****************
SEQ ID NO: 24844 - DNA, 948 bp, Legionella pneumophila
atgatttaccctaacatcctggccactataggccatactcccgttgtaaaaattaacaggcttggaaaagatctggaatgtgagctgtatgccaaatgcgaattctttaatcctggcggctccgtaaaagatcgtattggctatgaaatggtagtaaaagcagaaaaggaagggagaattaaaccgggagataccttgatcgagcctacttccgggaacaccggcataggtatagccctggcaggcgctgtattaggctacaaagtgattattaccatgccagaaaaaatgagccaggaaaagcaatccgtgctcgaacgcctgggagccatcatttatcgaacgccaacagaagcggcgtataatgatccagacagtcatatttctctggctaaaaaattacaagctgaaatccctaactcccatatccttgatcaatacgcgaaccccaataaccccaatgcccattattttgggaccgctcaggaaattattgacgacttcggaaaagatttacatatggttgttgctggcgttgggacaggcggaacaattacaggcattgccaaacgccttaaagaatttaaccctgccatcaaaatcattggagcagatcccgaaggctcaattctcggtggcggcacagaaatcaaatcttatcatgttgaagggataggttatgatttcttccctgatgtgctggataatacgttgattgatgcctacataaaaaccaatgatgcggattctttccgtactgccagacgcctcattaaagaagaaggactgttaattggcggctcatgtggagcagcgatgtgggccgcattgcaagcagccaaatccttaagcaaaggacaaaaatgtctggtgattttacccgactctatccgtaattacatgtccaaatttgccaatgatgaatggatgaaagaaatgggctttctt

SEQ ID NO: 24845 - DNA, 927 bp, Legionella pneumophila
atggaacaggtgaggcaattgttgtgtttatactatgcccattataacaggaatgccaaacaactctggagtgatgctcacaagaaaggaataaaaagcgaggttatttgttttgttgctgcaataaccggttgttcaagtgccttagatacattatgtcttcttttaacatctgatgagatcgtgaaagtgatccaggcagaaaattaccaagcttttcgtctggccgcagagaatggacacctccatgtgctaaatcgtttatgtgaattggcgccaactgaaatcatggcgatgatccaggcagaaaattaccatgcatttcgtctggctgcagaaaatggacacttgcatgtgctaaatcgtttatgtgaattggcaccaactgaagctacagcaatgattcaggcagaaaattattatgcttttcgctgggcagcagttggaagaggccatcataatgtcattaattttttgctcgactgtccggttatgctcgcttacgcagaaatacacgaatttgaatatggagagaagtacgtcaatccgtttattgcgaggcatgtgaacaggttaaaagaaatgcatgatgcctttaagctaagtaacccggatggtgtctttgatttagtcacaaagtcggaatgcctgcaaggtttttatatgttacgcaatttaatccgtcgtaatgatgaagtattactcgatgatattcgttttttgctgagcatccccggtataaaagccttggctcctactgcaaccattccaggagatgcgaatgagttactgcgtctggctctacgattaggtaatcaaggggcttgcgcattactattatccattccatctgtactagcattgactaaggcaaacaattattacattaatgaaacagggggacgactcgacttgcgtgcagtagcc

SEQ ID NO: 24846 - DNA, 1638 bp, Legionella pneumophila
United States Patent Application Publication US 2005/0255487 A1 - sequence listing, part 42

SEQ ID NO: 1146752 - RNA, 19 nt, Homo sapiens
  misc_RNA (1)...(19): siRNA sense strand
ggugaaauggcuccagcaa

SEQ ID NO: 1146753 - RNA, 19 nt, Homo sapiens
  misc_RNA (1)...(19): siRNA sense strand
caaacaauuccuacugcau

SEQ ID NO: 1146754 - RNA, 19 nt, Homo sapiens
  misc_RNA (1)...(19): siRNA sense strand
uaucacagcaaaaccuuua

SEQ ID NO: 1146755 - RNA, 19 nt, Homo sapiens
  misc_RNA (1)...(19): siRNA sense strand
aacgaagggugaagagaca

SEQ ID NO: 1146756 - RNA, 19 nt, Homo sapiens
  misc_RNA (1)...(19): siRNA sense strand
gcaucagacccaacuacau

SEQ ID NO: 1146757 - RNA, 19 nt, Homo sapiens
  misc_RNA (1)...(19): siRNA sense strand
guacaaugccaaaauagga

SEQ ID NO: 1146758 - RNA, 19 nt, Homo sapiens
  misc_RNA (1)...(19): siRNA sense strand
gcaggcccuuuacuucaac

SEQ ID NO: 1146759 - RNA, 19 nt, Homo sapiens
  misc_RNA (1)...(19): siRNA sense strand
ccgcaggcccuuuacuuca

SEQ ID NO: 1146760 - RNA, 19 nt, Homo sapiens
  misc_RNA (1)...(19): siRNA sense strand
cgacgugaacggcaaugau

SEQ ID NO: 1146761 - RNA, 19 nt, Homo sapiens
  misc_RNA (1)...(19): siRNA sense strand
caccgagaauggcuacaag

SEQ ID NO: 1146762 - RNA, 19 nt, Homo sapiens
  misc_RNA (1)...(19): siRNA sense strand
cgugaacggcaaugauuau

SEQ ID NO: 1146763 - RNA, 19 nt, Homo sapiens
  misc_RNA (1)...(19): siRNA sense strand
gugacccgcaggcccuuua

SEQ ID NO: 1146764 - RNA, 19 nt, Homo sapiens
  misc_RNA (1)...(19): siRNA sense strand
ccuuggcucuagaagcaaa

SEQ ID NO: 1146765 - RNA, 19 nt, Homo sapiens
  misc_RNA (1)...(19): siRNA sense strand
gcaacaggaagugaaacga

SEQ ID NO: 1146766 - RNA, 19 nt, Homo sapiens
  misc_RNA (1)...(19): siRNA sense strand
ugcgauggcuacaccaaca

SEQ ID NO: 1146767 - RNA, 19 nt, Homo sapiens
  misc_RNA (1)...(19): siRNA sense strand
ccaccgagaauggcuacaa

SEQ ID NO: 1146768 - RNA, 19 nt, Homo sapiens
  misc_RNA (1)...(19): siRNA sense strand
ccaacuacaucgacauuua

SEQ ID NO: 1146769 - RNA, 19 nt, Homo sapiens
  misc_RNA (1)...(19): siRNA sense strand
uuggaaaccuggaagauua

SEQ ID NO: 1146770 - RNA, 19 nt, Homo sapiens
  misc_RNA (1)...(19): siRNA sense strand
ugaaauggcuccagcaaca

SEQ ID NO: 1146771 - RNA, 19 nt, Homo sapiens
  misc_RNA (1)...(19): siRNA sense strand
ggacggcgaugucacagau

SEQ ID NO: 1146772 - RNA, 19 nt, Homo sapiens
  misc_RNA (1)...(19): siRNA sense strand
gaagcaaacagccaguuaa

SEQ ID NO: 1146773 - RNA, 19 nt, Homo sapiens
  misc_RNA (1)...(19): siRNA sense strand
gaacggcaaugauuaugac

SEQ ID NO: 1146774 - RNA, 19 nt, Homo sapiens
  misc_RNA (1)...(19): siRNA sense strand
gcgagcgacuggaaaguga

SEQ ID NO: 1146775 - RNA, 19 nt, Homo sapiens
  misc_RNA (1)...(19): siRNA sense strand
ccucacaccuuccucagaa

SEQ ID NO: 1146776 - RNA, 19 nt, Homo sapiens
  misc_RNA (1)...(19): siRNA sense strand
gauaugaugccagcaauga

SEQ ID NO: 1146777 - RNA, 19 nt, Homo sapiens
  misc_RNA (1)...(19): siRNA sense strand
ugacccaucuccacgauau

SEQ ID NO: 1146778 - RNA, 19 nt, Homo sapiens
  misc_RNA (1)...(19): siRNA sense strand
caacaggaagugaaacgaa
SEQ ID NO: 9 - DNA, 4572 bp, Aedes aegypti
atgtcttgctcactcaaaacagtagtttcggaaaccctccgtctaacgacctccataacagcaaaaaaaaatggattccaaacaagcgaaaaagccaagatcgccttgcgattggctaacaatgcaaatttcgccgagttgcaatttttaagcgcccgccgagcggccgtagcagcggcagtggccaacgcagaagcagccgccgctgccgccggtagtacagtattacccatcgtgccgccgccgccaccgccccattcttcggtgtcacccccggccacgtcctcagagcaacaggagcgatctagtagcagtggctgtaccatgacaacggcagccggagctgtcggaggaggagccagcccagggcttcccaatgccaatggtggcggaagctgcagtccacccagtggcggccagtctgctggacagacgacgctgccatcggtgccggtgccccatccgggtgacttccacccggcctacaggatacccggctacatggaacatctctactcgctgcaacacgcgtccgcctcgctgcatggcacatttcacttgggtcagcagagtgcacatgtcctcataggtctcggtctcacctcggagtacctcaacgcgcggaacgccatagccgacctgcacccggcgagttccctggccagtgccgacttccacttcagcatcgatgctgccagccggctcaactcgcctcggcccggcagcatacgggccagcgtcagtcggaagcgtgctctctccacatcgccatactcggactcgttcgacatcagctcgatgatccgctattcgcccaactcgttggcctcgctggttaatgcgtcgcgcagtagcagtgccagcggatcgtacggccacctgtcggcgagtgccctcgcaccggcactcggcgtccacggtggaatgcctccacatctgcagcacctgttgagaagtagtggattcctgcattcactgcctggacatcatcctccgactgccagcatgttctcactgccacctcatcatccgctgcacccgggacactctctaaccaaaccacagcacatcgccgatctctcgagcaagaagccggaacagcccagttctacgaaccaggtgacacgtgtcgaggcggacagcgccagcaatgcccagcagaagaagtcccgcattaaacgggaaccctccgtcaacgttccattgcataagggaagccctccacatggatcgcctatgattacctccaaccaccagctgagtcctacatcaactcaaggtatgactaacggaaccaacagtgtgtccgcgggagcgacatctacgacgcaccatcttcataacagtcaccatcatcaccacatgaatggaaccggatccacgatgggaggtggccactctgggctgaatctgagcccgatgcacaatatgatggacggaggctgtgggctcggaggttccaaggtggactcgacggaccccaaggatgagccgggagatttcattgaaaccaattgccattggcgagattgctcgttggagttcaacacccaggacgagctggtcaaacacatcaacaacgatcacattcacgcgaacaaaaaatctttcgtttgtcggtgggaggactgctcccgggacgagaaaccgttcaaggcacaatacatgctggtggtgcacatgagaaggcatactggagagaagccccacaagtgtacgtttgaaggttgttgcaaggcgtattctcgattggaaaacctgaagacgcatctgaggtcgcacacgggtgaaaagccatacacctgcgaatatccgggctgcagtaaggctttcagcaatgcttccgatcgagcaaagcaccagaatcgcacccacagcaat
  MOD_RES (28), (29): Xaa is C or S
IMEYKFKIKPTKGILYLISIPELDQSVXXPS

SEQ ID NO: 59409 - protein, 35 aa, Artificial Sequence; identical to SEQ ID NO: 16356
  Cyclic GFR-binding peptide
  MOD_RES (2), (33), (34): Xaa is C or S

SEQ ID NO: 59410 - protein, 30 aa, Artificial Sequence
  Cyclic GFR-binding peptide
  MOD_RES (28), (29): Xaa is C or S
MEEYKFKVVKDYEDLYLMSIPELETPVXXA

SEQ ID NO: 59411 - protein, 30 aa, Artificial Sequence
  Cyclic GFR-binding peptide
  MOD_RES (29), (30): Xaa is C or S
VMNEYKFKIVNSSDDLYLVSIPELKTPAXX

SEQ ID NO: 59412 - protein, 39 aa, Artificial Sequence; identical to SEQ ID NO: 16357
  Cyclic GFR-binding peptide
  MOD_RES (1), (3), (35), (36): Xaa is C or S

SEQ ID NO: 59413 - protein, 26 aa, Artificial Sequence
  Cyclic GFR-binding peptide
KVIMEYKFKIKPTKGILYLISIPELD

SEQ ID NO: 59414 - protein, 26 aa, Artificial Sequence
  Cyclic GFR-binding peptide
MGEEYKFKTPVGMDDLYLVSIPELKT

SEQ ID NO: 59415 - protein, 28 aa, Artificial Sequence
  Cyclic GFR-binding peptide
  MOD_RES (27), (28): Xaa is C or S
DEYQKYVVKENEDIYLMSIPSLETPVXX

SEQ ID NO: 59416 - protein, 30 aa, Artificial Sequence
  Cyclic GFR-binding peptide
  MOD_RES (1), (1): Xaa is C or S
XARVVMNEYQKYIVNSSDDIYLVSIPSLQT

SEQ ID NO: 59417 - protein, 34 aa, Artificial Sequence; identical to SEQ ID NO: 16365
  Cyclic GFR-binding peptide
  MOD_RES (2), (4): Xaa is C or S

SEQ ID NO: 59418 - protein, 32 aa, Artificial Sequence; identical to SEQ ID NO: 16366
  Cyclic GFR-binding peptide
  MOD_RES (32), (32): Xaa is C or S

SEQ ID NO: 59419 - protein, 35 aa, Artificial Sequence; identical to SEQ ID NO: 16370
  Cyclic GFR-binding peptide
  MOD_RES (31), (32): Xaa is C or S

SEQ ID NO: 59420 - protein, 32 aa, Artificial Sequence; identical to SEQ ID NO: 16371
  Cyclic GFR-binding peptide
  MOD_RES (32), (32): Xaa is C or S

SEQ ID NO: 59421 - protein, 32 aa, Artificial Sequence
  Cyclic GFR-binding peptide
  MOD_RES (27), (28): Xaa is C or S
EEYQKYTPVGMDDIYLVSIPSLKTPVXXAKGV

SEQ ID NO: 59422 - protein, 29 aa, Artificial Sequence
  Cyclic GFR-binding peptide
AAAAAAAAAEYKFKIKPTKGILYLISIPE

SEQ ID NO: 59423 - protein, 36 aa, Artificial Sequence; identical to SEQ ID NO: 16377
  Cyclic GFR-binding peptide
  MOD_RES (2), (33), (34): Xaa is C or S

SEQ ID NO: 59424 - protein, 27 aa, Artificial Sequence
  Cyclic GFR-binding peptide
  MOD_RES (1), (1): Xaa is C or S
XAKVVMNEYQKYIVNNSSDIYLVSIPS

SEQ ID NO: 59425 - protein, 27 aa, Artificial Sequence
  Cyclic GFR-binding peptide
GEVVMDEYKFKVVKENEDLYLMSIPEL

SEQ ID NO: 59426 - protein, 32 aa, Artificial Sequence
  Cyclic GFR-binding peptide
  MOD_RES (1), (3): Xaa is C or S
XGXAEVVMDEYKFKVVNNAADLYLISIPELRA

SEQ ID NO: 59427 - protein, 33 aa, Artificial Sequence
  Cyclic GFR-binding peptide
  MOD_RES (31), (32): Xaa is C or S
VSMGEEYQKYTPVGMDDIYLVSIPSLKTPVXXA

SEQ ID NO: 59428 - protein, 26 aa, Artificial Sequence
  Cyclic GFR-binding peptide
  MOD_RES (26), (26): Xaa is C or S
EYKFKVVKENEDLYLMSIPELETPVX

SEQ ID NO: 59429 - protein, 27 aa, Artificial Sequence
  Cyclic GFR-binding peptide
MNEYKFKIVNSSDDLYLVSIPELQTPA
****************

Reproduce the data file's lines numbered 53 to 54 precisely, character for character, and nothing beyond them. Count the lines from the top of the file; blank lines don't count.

  misc_RNA (1)...(19): siRNA sense strand
ccaccgagaauggcuacaa